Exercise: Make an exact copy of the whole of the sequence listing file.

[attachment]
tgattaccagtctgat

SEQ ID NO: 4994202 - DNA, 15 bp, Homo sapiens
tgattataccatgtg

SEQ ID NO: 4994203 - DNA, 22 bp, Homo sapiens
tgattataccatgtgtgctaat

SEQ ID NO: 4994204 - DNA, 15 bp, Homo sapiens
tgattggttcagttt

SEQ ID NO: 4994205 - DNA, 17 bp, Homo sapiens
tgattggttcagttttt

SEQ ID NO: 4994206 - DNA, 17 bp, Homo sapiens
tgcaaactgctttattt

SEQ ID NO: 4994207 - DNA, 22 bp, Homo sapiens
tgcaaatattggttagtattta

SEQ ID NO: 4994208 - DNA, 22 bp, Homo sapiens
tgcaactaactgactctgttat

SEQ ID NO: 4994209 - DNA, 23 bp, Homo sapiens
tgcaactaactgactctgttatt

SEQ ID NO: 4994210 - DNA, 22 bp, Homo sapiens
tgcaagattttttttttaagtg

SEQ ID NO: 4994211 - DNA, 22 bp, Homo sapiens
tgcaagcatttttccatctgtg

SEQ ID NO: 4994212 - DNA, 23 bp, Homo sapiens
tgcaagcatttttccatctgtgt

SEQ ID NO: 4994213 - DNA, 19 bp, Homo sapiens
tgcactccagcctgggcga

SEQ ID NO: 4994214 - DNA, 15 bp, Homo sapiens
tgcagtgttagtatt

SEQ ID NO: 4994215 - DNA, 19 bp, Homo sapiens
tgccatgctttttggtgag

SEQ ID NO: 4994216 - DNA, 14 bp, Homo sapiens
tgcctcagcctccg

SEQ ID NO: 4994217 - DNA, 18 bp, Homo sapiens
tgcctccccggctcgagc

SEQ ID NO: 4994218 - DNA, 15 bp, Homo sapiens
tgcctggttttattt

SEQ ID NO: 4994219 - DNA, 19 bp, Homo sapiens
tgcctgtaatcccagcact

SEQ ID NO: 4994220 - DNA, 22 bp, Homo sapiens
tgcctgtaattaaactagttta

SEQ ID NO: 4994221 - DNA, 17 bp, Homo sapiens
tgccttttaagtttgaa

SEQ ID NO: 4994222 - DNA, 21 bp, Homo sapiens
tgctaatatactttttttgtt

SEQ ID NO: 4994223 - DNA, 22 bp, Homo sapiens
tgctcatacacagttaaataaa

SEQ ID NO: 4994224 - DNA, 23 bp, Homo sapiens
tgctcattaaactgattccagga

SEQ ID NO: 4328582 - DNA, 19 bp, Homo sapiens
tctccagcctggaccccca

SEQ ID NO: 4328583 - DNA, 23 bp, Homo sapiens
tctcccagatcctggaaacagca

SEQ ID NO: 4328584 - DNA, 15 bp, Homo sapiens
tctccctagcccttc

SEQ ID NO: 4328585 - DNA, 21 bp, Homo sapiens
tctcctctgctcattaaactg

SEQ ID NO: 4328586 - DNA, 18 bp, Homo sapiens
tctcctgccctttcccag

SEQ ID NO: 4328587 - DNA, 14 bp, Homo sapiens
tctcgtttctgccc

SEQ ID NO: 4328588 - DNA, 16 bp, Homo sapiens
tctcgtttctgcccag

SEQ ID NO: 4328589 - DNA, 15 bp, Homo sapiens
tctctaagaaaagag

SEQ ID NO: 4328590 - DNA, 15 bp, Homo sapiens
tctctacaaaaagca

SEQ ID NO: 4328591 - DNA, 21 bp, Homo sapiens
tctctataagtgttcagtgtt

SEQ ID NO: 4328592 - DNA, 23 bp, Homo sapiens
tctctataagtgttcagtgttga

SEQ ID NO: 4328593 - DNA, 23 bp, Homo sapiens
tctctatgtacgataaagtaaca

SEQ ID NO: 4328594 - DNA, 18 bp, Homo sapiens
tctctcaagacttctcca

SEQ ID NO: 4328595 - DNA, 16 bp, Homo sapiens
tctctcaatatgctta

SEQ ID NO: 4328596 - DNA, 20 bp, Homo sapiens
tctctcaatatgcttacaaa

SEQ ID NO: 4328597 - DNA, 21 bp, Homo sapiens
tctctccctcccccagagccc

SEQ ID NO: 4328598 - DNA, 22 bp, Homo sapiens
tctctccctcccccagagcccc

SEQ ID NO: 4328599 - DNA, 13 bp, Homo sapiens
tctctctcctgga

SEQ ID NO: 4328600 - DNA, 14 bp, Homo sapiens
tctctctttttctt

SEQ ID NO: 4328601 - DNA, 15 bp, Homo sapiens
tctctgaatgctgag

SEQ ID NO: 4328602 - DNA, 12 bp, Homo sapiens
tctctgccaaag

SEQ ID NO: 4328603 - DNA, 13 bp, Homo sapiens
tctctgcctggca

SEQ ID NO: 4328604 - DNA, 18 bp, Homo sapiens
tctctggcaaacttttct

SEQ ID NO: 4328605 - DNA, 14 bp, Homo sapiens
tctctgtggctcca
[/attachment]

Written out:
tgattaccagtctgat

SEQ ID NO: 4994202 - DNA, 15 bp, Homo sapiens
tgattataccatgtg

SEQ ID NO: 4994203 - DNA, 22 bp, Homo sapiens
tgattataccatgtgtgctaat

SEQ ID NO: 4994204 - DNA, 15 bp, Homo sapiens
tgattggttcagttt

SEQ ID NO: 4994205 - DNA, 17 bp, Homo sapiens
tgattggttcagttttt

SEQ ID NO: 4994206 - DNA, 17 bp, Homo sapiens
tgcaaactgctttattt

SEQ ID NO: 4994207 - DNA, 22 bp, Homo sapiens
tgcaaatattggttagtattta

SEQ ID NO: 4994208 - DNA, 22 bp, Homo sapiens
tgcaactaactgactctgttat

SEQ ID NO: 4994209 - DNA, 23 bp, Homo sapiens
tgcaactaactgactctgttatt

SEQ ID NO: 4994210 - DNA, 22 bp, Homo sapiens
tgcaagattttttttttaagtg

SEQ ID NO: 4994211 - DNA, 22 bp, Homo sapiens
tgcaagcatttttccatctgtg

SEQ ID NO: 4994212 - DNA, 23 bp, Homo sapiens
tgcaagcatttttccatctgtgt

SEQ ID NO: 4994213 - DNA, 19 bp, Homo sapiens
tgcactccagcctgggcga

SEQ ID NO: 4994214 - DNA, 15 bp, Homo sapiens
tgcagtgttagtatt

SEQ ID NO: 4994215 - DNA, 19 bp, Homo sapiens
tgccatgctttttggtgag

SEQ ID NO: 4994216 - DNA, 14 bp, Homo sapiens
tgcctcagcctccg

SEQ ID NO: 4994217 - DNA, 18 bp, Homo sapiens
tgcctccccggctcgagc

SEQ ID NO: 4994218 - DNA, 15 bp, Homo sapiens
tgcctggttttattt

SEQ ID NO: 4994219 - DNA, 19 bp, Homo sapiens
tgcctgtaatcccagcact

SEQ ID NO: 4994220 - DNA, 22 bp, Homo sapiens
tgcctgtaattaaactagttta

SEQ ID NO: 4994221 - DNA, 17 bp, Homo sapiens
tgccttttaagtttgaa

SEQ ID NO: 4994222 - DNA, 21 bp, Homo sapiens
tgctaatatactttttttgtt

SEQ ID NO: 4994223 - DNA, 22 bp, Homo sapiens
tgctcatacacagttaaataaa

SEQ ID NO: 4994224 - DNA, 23 bp, Homo sapiens
tgctcattaaactgattccagga

SEQ ID NO: 4328582 - DNA, 19 bp, Homo sapiens
tctccagcctggaccccca

SEQ ID NO: 4328583 - DNA, 23 bp, Homo sapiens
tctcccagatcctggaaacagca

SEQ ID NO: 4328584 - DNA, 15 bp, Homo sapiens
tctccctagcccttc

SEQ ID NO: 4328585 - DNA, 21 bp, Homo sapiens
tctcctctgctcattaaactg

SEQ ID NO: 4328586 - DNA, 18 bp, Homo sapiens
tctcctgccctttcccag

SEQ ID NO: 4328587 - DNA, 14 bp, Homo sapiens
tctcgtttctgccc

SEQ ID NO: 4328588 - DNA, 16 bp, Homo sapiens
tctcgtttctgcccag

SEQ ID NO: 4328589 - DNA, 15 bp, Homo sapiens
tctctaagaaaagag

SEQ ID NO: 4328590 - DNA, 15 bp, Homo sapiens
tctctacaaaaagca

SEQ ID NO: 4328591 - DNA, 21 bp, Homo sapiens
tctctataagtgttcagtgtt

SEQ ID NO: 4328592 - DNA, 23 bp, Homo sapiens
tctctataagtgttcagtgttga

SEQ ID NO: 4328593 - DNA, 23 bp, Homo sapiens
tctctatgtacgataaagtaaca

SEQ ID NO: 4328594 - DNA, 18 bp, Homo sapiens
tctctcaagacttctcca

SEQ ID NO: 4328595 - DNA, 16 bp, Homo sapiens
tctctcaatatgctta

SEQ ID NO: 4328596 - DNA, 20 bp, Homo sapiens
tctctcaatatgcttacaaa

SEQ ID NO: 4328597 - DNA, 21 bp, Homo sapiens
tctctccctcccccagagccc

SEQ ID NO: 4328598 - DNA, 22 bp, Homo sapiens
tctctccctcccccagagcccc

SEQ ID NO: 4328599 - DNA, 13 bp, Homo sapiens
tctctctcctgga

SEQ ID NO: 4328600 - DNA, 14 bp, Homo sapiens
tctctctttttctt

SEQ ID NO: 4328601 - DNA, 15 bp, Homo sapiens
tctctgaatgctgag

SEQ ID NO: 4328602 - DNA, 12 bp, Homo sapiens
tctctgccaaag

SEQ ID NO: 4328603 - DNA, 13 bp, Homo sapiens
tctctgcctggca

SEQ ID NO: 4328604 - DNA, 18 bp, Homo sapiens
tctctggcaaacttttct

SEQ ID NO: 4328605 - DNA, 14 bp, Homo sapiens
tctctgtggctcca